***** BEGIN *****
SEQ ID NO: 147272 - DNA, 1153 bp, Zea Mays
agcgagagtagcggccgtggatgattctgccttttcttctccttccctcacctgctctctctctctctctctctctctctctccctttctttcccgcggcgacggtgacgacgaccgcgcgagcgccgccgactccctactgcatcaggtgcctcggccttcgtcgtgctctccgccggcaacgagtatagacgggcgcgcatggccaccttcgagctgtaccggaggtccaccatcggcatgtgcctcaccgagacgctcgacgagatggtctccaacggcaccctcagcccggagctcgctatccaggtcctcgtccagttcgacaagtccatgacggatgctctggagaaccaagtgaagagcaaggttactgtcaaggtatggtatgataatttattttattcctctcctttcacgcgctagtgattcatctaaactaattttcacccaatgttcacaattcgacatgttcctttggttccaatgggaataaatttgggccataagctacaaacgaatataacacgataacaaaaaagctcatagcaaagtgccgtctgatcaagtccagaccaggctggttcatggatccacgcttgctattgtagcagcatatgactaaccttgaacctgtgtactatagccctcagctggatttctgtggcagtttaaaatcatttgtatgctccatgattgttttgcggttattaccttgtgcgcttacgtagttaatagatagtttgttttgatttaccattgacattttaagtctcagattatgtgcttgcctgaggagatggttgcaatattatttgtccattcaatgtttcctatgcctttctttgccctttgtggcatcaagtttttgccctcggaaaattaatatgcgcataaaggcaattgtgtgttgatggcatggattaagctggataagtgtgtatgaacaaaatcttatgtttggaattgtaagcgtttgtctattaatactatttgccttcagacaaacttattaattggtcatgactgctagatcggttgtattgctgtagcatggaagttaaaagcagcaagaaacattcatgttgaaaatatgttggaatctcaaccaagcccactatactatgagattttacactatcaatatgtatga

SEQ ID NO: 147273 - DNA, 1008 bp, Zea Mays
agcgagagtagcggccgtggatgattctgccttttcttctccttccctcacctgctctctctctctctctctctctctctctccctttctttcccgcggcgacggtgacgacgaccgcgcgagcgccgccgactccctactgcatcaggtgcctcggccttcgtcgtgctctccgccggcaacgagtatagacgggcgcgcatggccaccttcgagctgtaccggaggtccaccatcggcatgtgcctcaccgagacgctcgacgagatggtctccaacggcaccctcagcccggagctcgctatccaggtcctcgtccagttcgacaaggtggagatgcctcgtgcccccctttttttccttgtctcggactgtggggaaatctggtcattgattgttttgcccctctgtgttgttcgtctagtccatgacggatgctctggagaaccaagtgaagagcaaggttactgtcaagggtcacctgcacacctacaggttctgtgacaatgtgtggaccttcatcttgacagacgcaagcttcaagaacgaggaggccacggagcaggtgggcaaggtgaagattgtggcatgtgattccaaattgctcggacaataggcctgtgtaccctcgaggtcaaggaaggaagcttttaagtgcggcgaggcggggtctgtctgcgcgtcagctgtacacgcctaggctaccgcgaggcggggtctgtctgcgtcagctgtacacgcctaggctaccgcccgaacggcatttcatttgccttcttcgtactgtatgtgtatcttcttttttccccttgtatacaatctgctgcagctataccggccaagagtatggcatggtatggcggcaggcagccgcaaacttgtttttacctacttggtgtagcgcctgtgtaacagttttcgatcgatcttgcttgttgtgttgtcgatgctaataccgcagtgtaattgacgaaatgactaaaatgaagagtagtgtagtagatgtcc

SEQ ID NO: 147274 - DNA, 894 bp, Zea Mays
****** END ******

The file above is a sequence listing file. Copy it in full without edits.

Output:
SEQ ID NO: 147272 - DNA, 1153 bp, Zea Mays
agcgagagtagcggccgtggatgattctgccttttcttctccttccctcacctgctctctctctctctctctctctctctctccctttctttcccgcggcgacggtgacgacgaccgcgcgagcgccgccgactccctactgcatcaggtgcctcggccttcgtcgtgctctccgccggcaacgagtatagacgggcgcgcatggccaccttcgagctgtaccggaggtccaccatcggcatgtgcctcaccgagacgctcgacgagatggtctccaacggcaccctcagcccggagctcgctatccaggtcctcgtccagttcgacaagtccatgacggatgctctggagaaccaagtgaagagcaaggttactgtcaaggtatggtatgataatttattttattcctctcctttcacgcgctagtgattcatctaaactaattttcacccaatgttcacaattcgacatgttcctttggttccaatgggaataaatttgggccataagctacaaacgaatataacacgataacaaaaaagctcatagcaaagtgccgtctgatcaagtccagaccaggctggttcatggatccacgcttgctattgtagcagcatatgactaaccttgaacctgtgtactatagccctcagctggatttctgtggcagtttaaaatcatttgtatgctccatgattgttttgcggttattaccttgtgcgcttacgtagttaatagatagtttgttttgatttaccattgacattttaagtctcagattatgtgcttgcctgaggagatggttgcaatattatttgtccattcaatgtttcctatgcctttctttgccctttgtggcatcaagtttttgccctcggaaaattaatatgcgcataaaggcaattgtgtgttgatggcatggattaagctggataagtgtgtatgaacaaaatcttatgtttggaattgtaagcgtttgtctattaatactatttgccttcagacaaacttattaattggtcatgactgctagatcggttgtattgctgtagcatggaagttaaaagcagcaagaaacattcatgttgaaaatatgttggaatctcaaccaagcccactatactatgagattttacactatcaatatgtatga

SEQ ID NO: 147273 - DNA, 1008 bp, Zea Mays
agcgagagtagcggccgtggatgattctgccttttcttctccttccctcacctgctctctctctctctctctctctctctctccctttctttcccgcggcgacggtgacgacgaccgcgcgagcgccgccgactccctactgcatcaggtgcctcggccttcgtcgtgctctccgccggcaacgagtatagacgggcgcgcatggccaccttcgagctgtaccggaggtccaccatcggcatgtgcctcaccgagacgctcgacgagatggtctccaacggcaccctcagcccggagctcgctatccaggtcctcgtccagttcgacaaggtggagatgcctcgtgcccccctttttttccttgtctcggactgtggggaaatctggtcattgattgttttgcccctctgtgttgttcgtctagtccatgacggatgctctggagaaccaagtgaagagcaaggttactgtcaagggtcacctgcacacctacaggttctgtgacaatgtgtggaccttcatcttgacagacgcaagcttcaagaacgaggaggccacggagcaggtgggcaaggtgaagattgtggcatgtgattccaaattgctcggacaataggcctgtgtaccctcgaggtcaaggaaggaagcttttaagtgcggcgaggcggggtctgtctgcgcgtcagctgtacacgcctaggctaccgcgaggcggggtctgtctgcgtcagctgtacacgcctaggctaccgcccgaacggcatttcatttgccttcttcgtactgtatgtgtatcttcttttttccccttgtatacaatctgctgcagctataccggccaagagtatggcatggtatggcggcaggcagccgcaaacttgtttttacctacttggtgtagcgcctgtgtaacagttttcgatcgatcttgcttgttgtgttgtcgatgctaataccgcagtgtaattgacgaaatgactaaaatgaagagtagtgtagtagatgtcc

SEQ ID NO: 147274 - DNA, 894 bp, Zea Mays